A pick of global ETFs

Simon Brown, founder and director of JustOneLap.com.
Simon Brown, founder and director of JustOneLap.com.

Exchange-traded funds (ETFs) are passive investment tools. We buy them and let them do their thing, creating wealth over time. 

Yet, we then get smart and hope to pick the best ETF. 

We try to figure out what sectors or geographies will perform best so that we can get increased returns.

The issue here is that, firstly, we may be wrong in our figuring and end up with poorer returns because we invested in wrong sectors or geographies.

The issue is that this picking of ‘better’ ETFs is an active decision. 

This means that, in many ways, we mess with the whole concept of passive investing.

So, should we not then just buy a single global ETF? 

One that broadly tracks global growth and at the same time gives us wide diversification? 

People are moving from the rural countryside into cities, and people continue to earn more and spend more. 

All this makes for a global growth story without having to decide which areas or sectors will do best. 

If you believe in such a world view, there are four really different JSE-listed ETFs that offer global exposure.

The STXWDM tracks the MSCI Global Developed Market Index with a total expense ratio (TER) of 0.35%*. 

This ETF excludes emerging markets and has financials as the top sector at around 25% with technology second at around 18%.

We also have the GLODIV from CoreShares with a TER of 0.6%. 

Here dividends are used to filter the stocks and, for example, US stocks that are included have to have had 25 years of uninterrupted dividend payments. 

Technology is very light in this ETF as many of today’s large tech stocks are not as yet even 25 years old, but it does include some 7% of emerging markets, excluding Africa. 

Here consumer staples are your largest sector, at almost 20%, with tech stocks at 4%. 

Consumer staples are typically fairly resilient, offering some level of stability. 

Important here is that while ‘dividend’ is included in the full name of the ETF, the focus is not on higher dividend payments.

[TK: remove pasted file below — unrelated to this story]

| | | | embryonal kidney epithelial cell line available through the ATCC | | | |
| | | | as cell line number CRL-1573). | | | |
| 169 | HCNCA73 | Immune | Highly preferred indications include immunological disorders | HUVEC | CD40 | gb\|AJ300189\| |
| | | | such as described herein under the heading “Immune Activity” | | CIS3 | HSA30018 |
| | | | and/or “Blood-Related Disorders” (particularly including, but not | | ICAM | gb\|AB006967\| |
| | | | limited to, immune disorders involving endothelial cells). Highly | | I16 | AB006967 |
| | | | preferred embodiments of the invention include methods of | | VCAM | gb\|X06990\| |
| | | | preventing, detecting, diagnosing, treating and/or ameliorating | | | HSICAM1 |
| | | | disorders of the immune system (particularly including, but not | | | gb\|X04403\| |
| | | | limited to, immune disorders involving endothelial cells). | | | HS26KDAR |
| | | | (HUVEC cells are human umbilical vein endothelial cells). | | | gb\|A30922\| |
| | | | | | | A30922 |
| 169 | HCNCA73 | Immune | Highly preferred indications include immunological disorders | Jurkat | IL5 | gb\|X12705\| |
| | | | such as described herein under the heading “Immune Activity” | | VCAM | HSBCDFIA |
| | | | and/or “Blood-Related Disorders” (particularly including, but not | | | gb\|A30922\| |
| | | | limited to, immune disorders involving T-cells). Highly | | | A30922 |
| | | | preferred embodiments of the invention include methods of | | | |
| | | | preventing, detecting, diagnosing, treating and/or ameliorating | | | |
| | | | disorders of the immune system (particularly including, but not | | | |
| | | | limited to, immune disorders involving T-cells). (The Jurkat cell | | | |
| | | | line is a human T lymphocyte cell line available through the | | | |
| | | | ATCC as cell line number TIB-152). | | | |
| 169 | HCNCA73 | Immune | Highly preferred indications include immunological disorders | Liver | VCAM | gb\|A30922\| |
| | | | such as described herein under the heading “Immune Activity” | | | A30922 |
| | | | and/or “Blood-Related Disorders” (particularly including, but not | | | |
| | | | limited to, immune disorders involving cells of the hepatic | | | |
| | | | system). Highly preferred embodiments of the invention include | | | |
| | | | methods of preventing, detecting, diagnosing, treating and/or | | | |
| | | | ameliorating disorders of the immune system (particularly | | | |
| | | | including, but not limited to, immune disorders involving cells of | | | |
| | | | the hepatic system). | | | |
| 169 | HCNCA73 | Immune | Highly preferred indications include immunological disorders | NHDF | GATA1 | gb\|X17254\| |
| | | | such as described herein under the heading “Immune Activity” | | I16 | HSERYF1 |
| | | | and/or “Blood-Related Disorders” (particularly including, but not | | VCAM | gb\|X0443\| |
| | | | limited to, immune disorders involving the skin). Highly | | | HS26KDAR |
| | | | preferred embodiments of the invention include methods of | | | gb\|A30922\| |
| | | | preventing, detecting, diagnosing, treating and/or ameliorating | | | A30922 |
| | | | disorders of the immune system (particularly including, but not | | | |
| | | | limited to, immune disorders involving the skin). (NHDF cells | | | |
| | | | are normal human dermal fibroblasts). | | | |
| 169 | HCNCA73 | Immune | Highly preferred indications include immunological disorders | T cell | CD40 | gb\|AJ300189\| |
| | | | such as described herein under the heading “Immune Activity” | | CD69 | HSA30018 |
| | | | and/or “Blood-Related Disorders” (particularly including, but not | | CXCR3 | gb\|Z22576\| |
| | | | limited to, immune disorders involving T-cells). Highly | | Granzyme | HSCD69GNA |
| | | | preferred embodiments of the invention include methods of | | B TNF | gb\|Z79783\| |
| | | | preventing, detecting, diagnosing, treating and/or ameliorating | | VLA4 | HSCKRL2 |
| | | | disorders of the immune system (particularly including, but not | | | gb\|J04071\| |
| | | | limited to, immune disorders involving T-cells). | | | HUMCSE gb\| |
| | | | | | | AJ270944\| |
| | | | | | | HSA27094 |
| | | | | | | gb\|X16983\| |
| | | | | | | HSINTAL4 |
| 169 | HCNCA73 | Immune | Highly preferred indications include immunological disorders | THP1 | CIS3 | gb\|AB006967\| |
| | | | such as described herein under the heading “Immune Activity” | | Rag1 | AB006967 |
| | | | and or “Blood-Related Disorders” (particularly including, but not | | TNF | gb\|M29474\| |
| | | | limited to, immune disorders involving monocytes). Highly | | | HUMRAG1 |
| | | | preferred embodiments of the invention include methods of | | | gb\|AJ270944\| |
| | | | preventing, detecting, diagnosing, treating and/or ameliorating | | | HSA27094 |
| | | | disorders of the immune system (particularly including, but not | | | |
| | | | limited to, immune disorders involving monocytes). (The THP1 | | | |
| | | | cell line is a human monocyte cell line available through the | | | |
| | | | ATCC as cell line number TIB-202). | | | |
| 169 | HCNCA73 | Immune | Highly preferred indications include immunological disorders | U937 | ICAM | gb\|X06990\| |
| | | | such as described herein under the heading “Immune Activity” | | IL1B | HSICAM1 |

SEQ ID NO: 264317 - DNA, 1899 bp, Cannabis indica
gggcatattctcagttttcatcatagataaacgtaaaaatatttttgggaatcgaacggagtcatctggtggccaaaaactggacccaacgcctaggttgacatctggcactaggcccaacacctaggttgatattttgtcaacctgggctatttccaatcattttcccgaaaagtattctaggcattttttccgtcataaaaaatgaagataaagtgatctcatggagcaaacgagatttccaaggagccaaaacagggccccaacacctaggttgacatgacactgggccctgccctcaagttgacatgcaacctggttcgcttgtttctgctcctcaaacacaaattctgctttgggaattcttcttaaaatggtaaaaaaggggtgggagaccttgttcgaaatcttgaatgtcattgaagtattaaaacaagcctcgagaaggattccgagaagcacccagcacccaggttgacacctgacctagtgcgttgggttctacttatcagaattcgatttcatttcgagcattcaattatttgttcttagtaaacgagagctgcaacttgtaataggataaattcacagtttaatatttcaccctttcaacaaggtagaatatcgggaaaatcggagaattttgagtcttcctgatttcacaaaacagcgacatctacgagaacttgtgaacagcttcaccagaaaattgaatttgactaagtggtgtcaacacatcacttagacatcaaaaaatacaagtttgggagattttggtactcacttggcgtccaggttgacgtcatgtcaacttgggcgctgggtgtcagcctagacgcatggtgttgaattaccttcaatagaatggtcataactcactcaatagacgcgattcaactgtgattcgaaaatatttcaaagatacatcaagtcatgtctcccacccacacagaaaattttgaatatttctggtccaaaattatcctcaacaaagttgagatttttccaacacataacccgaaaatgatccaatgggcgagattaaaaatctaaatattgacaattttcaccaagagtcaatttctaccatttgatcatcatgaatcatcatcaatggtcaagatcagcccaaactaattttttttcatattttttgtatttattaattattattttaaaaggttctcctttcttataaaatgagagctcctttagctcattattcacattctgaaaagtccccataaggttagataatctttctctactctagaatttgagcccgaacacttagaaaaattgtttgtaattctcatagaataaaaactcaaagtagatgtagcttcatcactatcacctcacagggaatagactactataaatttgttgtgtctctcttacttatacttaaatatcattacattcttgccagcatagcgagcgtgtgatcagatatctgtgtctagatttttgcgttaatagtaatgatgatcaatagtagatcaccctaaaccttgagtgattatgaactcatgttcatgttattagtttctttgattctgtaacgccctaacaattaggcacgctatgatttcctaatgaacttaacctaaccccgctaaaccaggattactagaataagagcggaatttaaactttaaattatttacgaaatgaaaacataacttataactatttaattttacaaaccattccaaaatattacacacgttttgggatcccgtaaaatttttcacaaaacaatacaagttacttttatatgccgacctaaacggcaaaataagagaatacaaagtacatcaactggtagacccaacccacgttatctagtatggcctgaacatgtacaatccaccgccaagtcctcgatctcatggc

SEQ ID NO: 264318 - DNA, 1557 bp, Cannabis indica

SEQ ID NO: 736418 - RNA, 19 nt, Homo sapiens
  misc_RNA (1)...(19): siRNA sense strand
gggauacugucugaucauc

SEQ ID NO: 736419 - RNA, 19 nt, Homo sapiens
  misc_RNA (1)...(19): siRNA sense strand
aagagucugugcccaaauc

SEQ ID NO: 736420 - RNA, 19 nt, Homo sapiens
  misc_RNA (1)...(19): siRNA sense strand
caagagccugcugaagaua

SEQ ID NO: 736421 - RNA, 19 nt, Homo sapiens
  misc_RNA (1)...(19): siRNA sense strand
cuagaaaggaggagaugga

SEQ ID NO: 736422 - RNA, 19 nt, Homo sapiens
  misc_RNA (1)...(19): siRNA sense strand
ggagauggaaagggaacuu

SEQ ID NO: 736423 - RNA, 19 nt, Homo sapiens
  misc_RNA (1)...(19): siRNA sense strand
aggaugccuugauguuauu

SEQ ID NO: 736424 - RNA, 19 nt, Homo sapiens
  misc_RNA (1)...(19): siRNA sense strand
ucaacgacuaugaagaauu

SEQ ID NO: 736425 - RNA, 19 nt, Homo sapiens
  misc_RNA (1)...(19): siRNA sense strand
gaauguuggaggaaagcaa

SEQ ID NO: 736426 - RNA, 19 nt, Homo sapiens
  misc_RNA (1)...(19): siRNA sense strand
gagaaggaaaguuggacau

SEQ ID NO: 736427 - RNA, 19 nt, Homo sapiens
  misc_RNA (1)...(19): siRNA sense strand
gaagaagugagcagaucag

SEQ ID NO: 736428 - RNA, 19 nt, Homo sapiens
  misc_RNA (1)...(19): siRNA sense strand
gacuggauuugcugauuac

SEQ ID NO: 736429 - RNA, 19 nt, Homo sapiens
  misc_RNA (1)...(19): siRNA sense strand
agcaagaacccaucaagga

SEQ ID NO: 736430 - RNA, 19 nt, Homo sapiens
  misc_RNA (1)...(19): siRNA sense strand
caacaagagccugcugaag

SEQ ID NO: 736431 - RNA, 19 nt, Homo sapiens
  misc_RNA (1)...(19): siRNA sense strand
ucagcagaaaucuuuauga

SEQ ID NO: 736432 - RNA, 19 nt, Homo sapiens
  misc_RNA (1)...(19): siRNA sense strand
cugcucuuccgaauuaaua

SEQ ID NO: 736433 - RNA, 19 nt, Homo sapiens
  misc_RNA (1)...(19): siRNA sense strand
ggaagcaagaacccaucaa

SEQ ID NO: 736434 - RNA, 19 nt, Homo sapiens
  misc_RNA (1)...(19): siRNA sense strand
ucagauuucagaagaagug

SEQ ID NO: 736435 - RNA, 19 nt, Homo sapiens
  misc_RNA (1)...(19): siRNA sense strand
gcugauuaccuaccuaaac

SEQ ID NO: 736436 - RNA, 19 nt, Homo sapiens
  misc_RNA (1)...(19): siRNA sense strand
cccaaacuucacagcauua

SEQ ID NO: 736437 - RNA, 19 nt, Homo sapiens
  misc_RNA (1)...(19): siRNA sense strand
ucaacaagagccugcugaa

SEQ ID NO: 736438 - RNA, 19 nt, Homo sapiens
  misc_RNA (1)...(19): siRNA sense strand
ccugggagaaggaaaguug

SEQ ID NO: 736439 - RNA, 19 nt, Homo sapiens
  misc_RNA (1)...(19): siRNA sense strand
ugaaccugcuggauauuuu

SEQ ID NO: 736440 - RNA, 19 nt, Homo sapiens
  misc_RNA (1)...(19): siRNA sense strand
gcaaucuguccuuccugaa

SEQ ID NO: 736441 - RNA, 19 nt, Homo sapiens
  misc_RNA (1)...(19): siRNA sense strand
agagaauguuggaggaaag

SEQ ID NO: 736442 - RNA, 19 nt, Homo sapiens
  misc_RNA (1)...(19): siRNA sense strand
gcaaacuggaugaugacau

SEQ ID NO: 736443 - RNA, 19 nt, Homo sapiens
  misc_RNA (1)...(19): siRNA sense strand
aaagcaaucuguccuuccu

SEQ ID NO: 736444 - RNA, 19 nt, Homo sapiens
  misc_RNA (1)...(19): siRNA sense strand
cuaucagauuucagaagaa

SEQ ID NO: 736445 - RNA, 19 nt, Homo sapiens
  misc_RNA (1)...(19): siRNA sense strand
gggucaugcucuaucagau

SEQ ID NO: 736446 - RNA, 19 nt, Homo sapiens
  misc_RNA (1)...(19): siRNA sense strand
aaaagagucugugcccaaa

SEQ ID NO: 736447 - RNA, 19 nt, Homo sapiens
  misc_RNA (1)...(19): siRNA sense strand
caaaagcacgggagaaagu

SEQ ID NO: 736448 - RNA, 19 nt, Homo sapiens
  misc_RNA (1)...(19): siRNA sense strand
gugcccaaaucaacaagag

Rather it is merely the metric for inclusion.ASHGEQ**, with a TER of 0.56%, tracks the S&P Global 1200 Index from across the world, and includes 7% emerging markets (again also excluding Africa). 

This is what makes it attractive to me. It has about 15% in technology and 14% in banks. 

So, a little lighter on tech, albeit the top three holdings are Apple, Microsoft and Amazon and make up almost 6%. SYG500** tracks the S&P 500, with a TER of 0.16%. 

While it is a US index, the stocks within the index are mostly global companies operating across the world. 

For example, Apple is the largest holding and sells its products in almost every country in the world. 

So, while it’s a US index, it is in some sense actually a global index. 

Here we have technology at around 25% with financials the second-largest sector at some 18% (the inverse of the MSCI World Developed index).

Importantly, all these ETFs will trade in rand on the JSE, but the underlying indices are US-dollar priced and many of the stocks will be in yet other currencies. 

As the rand strengthens (and for purposes of this example, assuming the index value does not change) the ETF price will fall. 

As the rand weakens against the dollar, the ETF will rise. 

This will not necessarily be linear, of course. 

Broadly, during periods of a stronger rand, returns may not be so great compared to, say, a local Top40 ETF. 

But over the long-term we can expect that rand weakness against the dollar will add some profits to the ETF. 

* All TER rates are correct at time of writing on 22 March.

** The writer owns SYG500 & ASHGEQ.

This article originally appeared in the 4 April edition of finweek. Buy and download the magazine here or subscribe to our newsletter here.

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